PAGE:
Finding new homes for my library

Overview

Disposing of a research type ‘engine room’ art library is difficult and kindest if not left to others even if they are benefitting in other ways from your estate. It is also better for the collection.

For the collections that remain — I suggest having a disposal plan to be enacted or recorded.

I have seen rooms full of books that involve a huge effort even to send to Lifeline. Staggered disposal or sale can and will take years. Were they really worth amassing at that scale?

In looking back at my own shelves. The extent of the library came from needing to spend time at home rather than evenings in a library and because topics were outside the scope of the available libraries and references I needed. Numerous titles were given to me as well by others.

But in honesty many titles, huge reference tomes and monographs were looked at once or not at all after purchase. Reference libraries can be an indulgence and or part of the long diagnosed problem of addictive collecting known as bibliomania — in which obsession takes over.

Sir Thomas Phillipps, 1st Baronet[8] (1792–1872) suffered from severe bibliomania. His collection, which at his death contained over 160,000 books and manuscripts, was still being auctioned off over 100 years after his death

To begin any disposing, question your own activity and be brutally honest. Did I really even use/read this book — will I really need it again? Recognise that there may be emotional reasons why you can’t deal with taking action other than inertia or laziness.

In my own case a decision to concentrate on Australian topics has meant that all my South and East Asia libraries went with sales or donations of related art works, and only a small part of my Southeast Asia remains  — but even that is questionable.

At the very least consider the disposal of your library and record your thoughts on where it might go after your lifetime. See if a quality book dealer or auctioneer thinks parts are suitable for sale or auction.

Better still start negotiations with any likely recipients and best of all make some sort of catalogue even if as basic as photographing the shelves so that the spines can be read.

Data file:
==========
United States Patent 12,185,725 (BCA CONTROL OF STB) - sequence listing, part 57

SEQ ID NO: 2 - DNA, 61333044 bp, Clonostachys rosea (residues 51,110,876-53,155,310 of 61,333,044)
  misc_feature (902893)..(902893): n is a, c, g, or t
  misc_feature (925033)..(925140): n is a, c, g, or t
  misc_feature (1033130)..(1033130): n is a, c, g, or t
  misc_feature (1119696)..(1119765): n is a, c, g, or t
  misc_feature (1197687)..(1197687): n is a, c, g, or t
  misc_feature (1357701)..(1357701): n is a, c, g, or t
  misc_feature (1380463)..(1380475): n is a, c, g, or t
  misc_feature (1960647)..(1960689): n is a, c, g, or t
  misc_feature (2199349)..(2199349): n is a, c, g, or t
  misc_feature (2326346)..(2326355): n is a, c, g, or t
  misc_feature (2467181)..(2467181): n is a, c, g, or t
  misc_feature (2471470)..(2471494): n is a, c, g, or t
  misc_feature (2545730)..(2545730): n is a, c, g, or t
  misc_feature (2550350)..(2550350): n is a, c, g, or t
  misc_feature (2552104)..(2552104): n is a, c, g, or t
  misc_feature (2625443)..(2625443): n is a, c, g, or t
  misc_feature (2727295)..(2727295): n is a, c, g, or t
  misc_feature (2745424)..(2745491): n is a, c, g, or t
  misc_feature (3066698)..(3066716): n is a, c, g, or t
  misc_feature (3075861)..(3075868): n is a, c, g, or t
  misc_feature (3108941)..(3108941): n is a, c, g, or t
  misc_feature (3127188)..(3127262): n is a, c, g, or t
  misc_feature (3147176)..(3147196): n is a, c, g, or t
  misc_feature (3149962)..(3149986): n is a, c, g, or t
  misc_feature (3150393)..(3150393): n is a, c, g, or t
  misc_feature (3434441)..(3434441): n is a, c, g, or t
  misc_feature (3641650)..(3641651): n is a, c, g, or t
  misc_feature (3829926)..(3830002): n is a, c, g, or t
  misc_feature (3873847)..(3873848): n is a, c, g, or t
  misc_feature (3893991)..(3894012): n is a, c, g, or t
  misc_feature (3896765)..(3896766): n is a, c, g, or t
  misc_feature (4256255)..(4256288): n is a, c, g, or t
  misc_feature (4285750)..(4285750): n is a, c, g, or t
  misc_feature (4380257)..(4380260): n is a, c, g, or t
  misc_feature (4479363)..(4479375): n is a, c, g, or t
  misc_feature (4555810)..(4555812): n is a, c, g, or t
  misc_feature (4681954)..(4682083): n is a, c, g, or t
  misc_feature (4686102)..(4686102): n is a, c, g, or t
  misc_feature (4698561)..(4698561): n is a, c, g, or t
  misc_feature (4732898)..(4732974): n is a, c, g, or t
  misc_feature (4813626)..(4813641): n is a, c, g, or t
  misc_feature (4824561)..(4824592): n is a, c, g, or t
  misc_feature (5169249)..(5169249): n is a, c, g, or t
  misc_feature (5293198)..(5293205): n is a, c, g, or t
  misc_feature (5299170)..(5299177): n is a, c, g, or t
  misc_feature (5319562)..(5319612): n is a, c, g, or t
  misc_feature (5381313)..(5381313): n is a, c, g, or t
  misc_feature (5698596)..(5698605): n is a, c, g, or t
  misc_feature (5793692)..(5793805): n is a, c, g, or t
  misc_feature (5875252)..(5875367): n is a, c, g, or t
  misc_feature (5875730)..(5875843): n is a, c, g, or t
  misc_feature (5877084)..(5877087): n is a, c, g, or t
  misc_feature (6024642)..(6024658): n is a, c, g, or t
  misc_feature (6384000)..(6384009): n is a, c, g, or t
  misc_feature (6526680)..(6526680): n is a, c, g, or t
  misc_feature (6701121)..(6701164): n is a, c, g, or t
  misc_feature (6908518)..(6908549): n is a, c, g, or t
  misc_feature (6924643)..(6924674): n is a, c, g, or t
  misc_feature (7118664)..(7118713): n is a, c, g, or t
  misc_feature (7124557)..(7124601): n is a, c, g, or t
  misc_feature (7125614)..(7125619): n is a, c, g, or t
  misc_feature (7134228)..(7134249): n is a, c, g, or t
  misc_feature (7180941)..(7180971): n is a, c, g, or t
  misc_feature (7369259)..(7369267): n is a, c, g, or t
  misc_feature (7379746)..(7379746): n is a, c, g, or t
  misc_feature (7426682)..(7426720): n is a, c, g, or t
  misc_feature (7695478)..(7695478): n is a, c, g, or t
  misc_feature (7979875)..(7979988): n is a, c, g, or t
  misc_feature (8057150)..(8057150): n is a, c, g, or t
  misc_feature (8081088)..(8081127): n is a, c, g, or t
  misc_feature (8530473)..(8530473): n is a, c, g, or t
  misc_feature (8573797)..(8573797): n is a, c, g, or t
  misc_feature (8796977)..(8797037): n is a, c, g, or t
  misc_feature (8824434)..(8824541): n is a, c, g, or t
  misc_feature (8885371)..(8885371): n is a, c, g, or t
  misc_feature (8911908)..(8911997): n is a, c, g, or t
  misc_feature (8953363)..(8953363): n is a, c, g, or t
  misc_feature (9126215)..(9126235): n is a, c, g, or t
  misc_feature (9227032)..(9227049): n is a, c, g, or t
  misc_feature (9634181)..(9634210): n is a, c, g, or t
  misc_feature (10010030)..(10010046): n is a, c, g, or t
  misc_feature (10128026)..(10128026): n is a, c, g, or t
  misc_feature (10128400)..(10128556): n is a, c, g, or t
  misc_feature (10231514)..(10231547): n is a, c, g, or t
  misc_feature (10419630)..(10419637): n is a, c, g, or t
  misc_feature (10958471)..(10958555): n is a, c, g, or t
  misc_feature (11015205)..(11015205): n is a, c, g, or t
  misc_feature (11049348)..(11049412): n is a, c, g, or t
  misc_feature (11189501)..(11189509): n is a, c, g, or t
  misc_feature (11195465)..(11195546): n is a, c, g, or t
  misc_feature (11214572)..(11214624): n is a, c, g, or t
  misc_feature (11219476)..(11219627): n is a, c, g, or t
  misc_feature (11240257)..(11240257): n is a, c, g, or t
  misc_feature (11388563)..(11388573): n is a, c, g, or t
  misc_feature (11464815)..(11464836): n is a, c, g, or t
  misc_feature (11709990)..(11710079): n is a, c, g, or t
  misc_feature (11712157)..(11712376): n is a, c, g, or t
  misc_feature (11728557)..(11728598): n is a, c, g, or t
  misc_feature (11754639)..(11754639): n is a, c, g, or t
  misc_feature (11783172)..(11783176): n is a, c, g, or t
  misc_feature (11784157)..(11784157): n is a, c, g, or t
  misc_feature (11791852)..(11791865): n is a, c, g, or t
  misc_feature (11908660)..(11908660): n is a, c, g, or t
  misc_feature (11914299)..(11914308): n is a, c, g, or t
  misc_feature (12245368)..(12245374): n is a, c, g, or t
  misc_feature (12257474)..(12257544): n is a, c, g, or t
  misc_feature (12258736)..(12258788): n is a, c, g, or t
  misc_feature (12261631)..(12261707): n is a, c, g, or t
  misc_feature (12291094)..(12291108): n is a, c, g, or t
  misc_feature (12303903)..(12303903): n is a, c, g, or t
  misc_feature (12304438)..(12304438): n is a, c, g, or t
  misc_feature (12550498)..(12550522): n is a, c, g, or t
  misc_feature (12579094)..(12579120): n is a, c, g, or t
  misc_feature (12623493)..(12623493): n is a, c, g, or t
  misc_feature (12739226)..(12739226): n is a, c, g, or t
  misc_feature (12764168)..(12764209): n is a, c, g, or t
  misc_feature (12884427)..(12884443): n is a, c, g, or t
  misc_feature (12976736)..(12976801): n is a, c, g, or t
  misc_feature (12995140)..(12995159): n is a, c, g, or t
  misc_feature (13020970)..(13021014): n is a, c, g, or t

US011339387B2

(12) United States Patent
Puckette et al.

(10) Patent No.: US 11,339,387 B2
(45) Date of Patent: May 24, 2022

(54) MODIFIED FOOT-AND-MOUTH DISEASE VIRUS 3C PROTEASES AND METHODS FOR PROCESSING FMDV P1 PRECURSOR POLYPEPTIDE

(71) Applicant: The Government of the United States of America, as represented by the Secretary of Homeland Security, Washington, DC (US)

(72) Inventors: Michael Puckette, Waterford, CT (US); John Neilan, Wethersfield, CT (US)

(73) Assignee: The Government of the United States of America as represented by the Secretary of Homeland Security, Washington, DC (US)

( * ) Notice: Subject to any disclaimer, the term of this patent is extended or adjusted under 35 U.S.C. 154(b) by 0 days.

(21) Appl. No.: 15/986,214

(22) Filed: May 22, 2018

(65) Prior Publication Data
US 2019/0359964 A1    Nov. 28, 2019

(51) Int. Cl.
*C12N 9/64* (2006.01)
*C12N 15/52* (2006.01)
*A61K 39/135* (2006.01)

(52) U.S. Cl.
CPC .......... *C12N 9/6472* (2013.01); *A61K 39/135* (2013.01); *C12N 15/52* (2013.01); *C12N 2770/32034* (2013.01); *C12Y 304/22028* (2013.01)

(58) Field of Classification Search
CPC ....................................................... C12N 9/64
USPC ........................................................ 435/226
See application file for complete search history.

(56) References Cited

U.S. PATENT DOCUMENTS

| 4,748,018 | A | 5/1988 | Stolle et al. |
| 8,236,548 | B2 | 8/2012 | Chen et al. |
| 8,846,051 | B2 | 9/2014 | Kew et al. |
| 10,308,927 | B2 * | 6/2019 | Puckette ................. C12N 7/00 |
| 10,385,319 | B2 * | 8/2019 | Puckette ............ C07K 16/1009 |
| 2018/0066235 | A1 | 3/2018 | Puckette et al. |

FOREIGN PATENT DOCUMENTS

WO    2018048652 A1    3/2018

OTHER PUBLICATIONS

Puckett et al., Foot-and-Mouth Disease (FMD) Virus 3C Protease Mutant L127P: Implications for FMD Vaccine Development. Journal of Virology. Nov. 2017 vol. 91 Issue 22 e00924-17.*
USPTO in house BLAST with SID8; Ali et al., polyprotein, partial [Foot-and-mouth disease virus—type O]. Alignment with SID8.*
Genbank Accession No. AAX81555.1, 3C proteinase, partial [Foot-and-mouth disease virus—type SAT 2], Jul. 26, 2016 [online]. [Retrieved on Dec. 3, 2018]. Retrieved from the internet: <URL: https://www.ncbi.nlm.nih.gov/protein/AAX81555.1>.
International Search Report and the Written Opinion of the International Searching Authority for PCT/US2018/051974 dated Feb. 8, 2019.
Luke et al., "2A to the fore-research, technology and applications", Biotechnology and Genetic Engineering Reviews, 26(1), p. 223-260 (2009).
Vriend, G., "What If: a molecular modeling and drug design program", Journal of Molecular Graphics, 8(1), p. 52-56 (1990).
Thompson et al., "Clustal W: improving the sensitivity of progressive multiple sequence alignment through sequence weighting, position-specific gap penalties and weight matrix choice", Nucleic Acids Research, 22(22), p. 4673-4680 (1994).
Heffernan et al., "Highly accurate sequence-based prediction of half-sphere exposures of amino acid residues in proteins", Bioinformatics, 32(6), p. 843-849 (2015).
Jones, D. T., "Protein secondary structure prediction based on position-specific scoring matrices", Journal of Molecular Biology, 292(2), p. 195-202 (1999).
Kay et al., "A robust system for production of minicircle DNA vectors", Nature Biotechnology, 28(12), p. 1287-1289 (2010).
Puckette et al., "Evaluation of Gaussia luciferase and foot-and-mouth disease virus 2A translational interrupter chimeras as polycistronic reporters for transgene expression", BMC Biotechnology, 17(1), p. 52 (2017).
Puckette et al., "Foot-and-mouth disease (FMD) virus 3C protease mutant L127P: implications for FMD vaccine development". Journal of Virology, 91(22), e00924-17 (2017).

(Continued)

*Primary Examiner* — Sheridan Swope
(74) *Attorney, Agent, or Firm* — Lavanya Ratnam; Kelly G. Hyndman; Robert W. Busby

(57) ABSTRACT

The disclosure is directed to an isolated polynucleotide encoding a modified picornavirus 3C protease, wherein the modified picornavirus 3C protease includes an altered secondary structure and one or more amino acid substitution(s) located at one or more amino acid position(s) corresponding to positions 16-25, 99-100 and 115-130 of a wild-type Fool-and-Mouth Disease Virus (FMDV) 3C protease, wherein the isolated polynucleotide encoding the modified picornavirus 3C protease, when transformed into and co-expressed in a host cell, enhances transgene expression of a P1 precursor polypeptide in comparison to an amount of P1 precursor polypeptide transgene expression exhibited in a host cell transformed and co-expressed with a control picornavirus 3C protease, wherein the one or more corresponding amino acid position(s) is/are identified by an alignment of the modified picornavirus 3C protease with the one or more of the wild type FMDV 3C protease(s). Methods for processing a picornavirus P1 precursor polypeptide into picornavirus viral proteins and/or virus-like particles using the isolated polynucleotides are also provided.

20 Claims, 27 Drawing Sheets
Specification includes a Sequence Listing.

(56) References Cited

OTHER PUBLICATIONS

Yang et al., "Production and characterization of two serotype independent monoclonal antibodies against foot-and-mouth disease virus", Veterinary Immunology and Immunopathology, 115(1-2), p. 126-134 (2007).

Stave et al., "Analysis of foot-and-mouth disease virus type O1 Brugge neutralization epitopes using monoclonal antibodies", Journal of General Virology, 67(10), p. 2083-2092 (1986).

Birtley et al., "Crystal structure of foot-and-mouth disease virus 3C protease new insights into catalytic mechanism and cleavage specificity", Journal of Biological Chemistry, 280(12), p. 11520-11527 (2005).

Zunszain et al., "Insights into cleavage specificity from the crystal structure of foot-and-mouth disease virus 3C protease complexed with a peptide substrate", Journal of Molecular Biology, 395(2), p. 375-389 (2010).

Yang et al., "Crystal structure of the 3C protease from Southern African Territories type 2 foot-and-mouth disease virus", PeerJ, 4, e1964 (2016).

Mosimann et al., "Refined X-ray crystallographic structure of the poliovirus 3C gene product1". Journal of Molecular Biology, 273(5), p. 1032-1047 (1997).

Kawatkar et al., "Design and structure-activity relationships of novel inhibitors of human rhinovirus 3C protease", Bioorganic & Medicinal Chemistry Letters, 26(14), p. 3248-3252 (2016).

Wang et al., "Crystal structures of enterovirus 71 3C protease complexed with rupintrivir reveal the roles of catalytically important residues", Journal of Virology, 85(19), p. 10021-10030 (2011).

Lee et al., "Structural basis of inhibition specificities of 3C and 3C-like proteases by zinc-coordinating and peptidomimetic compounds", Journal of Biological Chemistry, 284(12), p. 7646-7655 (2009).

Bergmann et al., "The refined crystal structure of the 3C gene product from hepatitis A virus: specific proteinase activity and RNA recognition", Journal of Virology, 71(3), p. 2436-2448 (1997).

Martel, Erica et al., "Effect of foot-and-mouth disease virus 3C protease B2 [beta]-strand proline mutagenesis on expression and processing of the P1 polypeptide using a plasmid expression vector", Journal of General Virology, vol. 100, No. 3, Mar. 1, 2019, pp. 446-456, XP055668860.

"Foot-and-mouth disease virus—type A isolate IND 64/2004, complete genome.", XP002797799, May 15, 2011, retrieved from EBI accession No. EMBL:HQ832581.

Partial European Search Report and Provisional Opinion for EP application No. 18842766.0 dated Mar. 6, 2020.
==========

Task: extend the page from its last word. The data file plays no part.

A bit of cataloguing can also throw up surprises for eg an early monograph appears to be worth USD 2000 on abebooks but would I be able to sell it?

 

 

The hardest part for holders or inheritors of expensive art books is that you have paid retail price for your titles. Unless you set up as a seller yourself on ebay or abebooks etc, you will not be offered that price. The sale would more likely be as little as 10% and rarely more than 30% as a reseller has to then apply their usual mark up.

Books don’t grow in value like houses  or other investments — unless particularly rare or special.

Perhaps the hardest thing for collectors of anything is that most have paid retail prices and won’t live long enough to see any kind of return. Too often with clients I have calculated what the money they spent would have earned if left in the bank at the simplest of bank savings interest – the bank wins.

A very small percentage of strategic collectors do spectacularly well buying ahead of a market  as did many who took up the neglected field of art photography in the 1960s-70s and sold  great collections decades later.

 

 

the Big positive for people like us!

You have had your use value of the collection and the pleasures of acquisition. Unless it was a strict business investment with creditors to repay, treat what you can get for your collection as new money.

Far harder is parting with treasures knowing that the receiver doesn’t actually understand the works. So be ready to donate to kind souls, to organisations with people who will cherish your treasures and to  collectors who will have a wonderful day when they receive your gifts/sales.

For me it is no longer about the money. I see this as finding good homes for my friends (my books) and I am prepared to pay to assist that to happen if necessary.

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For more on Parting With Your Art — - click here